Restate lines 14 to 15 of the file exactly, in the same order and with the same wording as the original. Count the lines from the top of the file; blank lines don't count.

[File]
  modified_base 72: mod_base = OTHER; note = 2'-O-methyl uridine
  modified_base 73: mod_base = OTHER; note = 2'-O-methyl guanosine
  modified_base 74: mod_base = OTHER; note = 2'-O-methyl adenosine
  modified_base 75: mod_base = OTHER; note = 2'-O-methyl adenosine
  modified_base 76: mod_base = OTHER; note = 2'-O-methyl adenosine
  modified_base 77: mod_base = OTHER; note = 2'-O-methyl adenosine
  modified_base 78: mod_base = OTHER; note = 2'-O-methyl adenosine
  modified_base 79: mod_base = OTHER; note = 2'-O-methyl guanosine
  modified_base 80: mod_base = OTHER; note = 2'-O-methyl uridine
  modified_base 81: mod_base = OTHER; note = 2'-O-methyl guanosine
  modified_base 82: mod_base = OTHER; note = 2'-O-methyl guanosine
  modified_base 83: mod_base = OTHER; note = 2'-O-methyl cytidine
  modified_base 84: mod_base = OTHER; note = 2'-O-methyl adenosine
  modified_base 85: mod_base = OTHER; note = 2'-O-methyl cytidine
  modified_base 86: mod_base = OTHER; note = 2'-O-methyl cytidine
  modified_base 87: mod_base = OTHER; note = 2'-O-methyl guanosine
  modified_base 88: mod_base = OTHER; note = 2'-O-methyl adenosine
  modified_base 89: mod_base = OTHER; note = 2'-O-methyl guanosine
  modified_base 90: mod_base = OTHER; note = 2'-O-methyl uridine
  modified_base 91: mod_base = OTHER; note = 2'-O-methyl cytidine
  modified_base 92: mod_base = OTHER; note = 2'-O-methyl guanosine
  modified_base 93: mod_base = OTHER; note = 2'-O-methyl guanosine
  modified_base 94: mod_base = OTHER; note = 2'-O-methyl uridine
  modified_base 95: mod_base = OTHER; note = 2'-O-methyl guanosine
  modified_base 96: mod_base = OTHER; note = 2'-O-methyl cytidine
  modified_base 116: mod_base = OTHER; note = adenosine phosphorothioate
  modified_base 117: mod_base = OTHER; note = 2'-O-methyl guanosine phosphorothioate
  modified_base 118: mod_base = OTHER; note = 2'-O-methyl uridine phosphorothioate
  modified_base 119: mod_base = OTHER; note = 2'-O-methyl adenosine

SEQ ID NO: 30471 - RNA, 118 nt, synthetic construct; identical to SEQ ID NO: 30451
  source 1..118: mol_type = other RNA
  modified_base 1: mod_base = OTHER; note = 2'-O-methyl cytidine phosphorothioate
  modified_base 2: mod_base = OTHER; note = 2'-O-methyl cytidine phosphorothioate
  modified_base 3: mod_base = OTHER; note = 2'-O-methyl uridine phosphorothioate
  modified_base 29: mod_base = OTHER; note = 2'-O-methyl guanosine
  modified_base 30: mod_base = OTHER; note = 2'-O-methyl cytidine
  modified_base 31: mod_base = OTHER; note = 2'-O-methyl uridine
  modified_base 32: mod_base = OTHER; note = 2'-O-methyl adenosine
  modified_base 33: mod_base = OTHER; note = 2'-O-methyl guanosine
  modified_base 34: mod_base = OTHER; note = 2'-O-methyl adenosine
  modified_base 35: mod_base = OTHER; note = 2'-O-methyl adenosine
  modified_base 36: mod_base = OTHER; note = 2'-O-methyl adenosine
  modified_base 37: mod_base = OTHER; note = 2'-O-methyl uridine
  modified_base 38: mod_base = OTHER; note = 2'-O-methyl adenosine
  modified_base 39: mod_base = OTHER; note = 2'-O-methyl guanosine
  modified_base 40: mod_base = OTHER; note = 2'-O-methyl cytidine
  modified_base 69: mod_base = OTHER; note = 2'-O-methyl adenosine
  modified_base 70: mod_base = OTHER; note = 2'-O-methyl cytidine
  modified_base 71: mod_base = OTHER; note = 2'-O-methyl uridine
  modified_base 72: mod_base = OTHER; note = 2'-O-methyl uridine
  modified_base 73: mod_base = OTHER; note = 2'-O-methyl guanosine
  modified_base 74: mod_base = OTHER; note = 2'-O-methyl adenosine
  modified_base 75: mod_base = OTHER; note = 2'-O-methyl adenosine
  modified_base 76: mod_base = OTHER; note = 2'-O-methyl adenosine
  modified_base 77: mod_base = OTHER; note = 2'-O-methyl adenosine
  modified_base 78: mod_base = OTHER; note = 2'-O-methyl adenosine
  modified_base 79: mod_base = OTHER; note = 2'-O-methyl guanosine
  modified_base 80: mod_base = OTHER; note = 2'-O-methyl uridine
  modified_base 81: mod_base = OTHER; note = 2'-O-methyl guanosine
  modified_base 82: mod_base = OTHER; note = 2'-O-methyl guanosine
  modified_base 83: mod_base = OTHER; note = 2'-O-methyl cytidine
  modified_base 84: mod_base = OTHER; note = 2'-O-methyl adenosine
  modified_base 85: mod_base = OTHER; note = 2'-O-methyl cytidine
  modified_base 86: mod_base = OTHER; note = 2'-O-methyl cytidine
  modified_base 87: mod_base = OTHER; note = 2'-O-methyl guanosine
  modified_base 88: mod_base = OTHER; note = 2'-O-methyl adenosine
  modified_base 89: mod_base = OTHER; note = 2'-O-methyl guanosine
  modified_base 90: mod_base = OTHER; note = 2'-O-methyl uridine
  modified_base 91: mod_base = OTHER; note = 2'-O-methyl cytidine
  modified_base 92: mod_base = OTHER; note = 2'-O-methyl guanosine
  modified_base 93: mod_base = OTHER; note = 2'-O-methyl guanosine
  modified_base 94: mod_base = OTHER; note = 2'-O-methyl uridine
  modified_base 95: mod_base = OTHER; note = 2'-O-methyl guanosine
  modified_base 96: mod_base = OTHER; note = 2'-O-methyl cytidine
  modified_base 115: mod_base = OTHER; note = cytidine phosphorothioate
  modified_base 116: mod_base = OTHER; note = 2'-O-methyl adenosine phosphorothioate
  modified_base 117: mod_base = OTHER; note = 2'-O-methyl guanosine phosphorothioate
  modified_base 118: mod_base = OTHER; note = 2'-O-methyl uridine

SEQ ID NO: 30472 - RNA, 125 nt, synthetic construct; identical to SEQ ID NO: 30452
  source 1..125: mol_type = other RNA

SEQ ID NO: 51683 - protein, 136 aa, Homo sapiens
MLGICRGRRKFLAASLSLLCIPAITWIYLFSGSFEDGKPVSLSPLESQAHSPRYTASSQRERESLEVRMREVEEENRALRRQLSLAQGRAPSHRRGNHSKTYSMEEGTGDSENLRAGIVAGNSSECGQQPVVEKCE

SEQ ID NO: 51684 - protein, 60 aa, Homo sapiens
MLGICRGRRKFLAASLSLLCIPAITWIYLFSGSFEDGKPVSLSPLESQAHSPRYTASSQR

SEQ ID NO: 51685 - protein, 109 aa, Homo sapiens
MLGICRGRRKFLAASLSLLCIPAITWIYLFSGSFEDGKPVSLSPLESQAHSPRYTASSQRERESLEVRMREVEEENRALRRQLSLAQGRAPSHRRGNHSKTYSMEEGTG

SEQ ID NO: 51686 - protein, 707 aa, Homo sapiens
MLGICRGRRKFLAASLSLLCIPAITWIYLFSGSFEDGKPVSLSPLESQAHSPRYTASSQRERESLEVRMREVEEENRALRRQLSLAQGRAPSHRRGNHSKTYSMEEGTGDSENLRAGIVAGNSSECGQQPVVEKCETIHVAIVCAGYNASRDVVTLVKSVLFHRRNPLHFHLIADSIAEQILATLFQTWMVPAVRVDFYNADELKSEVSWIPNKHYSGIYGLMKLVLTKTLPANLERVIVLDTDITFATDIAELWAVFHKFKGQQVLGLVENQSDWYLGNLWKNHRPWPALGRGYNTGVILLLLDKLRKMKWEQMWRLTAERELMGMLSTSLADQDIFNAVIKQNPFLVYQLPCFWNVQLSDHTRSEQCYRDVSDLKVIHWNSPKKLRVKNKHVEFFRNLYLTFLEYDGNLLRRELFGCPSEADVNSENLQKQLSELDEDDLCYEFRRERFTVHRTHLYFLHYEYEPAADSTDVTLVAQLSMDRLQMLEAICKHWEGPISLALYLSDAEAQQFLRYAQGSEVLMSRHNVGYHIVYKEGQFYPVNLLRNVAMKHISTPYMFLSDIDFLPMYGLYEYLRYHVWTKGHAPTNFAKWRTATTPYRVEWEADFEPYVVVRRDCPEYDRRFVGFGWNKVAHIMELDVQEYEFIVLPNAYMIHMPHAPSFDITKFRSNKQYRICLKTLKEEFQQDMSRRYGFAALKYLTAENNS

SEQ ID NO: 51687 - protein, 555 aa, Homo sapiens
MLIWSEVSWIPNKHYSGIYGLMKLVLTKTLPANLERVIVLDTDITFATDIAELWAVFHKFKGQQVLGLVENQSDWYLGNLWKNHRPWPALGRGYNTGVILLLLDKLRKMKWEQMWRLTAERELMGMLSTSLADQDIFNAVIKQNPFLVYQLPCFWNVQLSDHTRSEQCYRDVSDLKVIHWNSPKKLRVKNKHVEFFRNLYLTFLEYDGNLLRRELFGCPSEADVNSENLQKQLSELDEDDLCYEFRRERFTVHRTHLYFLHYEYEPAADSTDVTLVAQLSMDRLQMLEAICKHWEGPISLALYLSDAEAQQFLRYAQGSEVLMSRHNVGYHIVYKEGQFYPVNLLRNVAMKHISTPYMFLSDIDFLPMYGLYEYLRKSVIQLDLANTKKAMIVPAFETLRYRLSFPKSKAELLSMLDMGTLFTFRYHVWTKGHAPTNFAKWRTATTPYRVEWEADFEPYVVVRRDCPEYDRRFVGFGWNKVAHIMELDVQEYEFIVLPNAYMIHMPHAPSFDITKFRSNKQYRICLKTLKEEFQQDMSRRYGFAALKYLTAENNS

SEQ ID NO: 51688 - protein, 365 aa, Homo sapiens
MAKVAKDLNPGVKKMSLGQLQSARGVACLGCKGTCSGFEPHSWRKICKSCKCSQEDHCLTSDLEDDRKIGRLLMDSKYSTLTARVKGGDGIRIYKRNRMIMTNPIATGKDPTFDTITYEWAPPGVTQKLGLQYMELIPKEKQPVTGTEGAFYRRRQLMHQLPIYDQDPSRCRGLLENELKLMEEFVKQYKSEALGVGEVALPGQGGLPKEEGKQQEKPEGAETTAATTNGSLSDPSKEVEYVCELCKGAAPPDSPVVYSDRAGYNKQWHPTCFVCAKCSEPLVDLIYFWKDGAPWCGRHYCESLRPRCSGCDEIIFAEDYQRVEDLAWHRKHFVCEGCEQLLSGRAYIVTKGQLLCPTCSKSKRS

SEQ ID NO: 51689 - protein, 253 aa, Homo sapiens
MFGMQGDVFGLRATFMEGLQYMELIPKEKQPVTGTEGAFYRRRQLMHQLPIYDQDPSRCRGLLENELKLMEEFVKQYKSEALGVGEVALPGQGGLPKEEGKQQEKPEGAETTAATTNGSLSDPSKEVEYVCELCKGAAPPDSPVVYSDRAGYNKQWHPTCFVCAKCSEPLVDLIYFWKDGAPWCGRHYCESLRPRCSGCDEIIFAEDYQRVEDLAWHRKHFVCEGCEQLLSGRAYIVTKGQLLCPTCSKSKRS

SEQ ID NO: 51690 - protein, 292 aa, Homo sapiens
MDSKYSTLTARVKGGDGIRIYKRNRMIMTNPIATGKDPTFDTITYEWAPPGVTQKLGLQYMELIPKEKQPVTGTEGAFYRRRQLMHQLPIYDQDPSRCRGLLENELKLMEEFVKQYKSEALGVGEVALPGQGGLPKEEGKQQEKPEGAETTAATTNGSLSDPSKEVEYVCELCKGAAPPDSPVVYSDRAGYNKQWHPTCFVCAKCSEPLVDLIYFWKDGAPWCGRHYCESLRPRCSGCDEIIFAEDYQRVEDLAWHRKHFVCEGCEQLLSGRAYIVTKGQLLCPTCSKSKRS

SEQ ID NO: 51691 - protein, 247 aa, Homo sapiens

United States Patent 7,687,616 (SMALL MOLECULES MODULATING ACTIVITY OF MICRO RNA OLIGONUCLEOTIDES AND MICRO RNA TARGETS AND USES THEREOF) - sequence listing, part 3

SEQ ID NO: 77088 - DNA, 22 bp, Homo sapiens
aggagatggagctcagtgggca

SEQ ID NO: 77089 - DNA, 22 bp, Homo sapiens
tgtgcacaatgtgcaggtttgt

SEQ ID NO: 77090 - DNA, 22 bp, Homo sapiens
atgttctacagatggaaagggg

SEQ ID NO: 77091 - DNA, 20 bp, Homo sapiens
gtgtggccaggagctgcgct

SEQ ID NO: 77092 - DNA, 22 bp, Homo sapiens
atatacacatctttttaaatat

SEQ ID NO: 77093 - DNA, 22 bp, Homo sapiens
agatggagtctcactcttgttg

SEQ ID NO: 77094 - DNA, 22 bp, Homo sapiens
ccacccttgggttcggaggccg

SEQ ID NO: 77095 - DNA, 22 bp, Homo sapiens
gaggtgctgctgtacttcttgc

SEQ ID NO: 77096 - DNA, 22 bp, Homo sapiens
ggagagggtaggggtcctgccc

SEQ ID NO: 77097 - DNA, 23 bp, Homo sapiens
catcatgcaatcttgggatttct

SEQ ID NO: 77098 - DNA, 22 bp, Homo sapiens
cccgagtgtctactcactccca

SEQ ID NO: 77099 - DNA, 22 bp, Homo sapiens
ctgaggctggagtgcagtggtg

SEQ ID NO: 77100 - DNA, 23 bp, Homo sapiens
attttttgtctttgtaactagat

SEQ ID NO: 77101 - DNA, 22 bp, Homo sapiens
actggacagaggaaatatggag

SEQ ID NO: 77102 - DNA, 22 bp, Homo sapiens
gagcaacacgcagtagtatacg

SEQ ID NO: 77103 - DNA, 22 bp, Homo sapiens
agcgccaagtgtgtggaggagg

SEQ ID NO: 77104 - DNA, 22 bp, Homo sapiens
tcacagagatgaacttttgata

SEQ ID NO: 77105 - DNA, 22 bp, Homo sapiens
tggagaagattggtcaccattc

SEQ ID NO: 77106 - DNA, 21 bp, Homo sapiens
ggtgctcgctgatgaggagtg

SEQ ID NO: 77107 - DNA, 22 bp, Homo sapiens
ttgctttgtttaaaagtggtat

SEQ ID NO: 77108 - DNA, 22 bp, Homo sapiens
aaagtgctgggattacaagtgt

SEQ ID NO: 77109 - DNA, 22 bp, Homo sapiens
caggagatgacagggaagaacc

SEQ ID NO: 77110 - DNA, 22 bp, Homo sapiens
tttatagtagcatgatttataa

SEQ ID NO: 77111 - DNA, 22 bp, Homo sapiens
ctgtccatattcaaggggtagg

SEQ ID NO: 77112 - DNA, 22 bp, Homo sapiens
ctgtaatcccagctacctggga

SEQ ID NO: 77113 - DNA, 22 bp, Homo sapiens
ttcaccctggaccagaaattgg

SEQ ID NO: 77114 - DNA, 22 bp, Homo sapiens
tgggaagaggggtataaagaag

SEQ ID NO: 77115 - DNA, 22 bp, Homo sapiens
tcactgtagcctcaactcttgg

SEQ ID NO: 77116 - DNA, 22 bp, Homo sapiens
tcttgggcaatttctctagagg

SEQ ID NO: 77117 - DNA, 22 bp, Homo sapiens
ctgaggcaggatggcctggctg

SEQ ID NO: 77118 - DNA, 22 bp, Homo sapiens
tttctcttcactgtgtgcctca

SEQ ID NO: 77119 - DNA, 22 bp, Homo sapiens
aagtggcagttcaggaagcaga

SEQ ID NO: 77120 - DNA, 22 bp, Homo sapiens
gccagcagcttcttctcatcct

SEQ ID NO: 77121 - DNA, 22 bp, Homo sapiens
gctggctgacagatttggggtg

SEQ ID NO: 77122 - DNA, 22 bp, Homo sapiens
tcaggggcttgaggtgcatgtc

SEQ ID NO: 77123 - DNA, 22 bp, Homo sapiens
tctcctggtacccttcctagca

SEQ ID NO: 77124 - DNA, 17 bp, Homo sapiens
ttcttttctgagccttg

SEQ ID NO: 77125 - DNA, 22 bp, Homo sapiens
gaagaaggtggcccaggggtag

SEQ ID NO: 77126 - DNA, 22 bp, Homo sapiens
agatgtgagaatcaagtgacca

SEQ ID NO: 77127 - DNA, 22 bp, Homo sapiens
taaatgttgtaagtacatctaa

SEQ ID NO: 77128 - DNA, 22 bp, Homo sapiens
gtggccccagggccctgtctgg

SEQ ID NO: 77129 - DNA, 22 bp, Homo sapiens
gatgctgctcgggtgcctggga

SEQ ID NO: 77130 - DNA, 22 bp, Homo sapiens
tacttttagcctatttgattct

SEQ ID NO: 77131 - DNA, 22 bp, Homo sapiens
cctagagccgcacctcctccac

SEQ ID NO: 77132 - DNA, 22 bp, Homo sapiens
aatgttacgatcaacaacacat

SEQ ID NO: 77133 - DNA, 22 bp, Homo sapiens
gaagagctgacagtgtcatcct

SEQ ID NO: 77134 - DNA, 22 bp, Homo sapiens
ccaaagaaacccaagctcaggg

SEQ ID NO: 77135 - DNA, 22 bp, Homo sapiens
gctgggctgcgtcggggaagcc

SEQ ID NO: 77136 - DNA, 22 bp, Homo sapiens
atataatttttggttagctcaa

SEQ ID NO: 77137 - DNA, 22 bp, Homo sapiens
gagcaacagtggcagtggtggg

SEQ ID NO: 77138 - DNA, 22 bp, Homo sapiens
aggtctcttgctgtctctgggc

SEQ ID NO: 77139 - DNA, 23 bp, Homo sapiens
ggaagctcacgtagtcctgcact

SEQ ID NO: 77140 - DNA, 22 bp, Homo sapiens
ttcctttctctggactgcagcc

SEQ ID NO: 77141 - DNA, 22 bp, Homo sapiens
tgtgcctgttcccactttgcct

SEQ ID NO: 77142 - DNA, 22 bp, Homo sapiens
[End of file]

  modified_base 85: mod_base = OTHER; note = 2'-O-methyl cytidine
  modified_base 86: mod_base = OTHER; note = 2'-O-methyl cytidine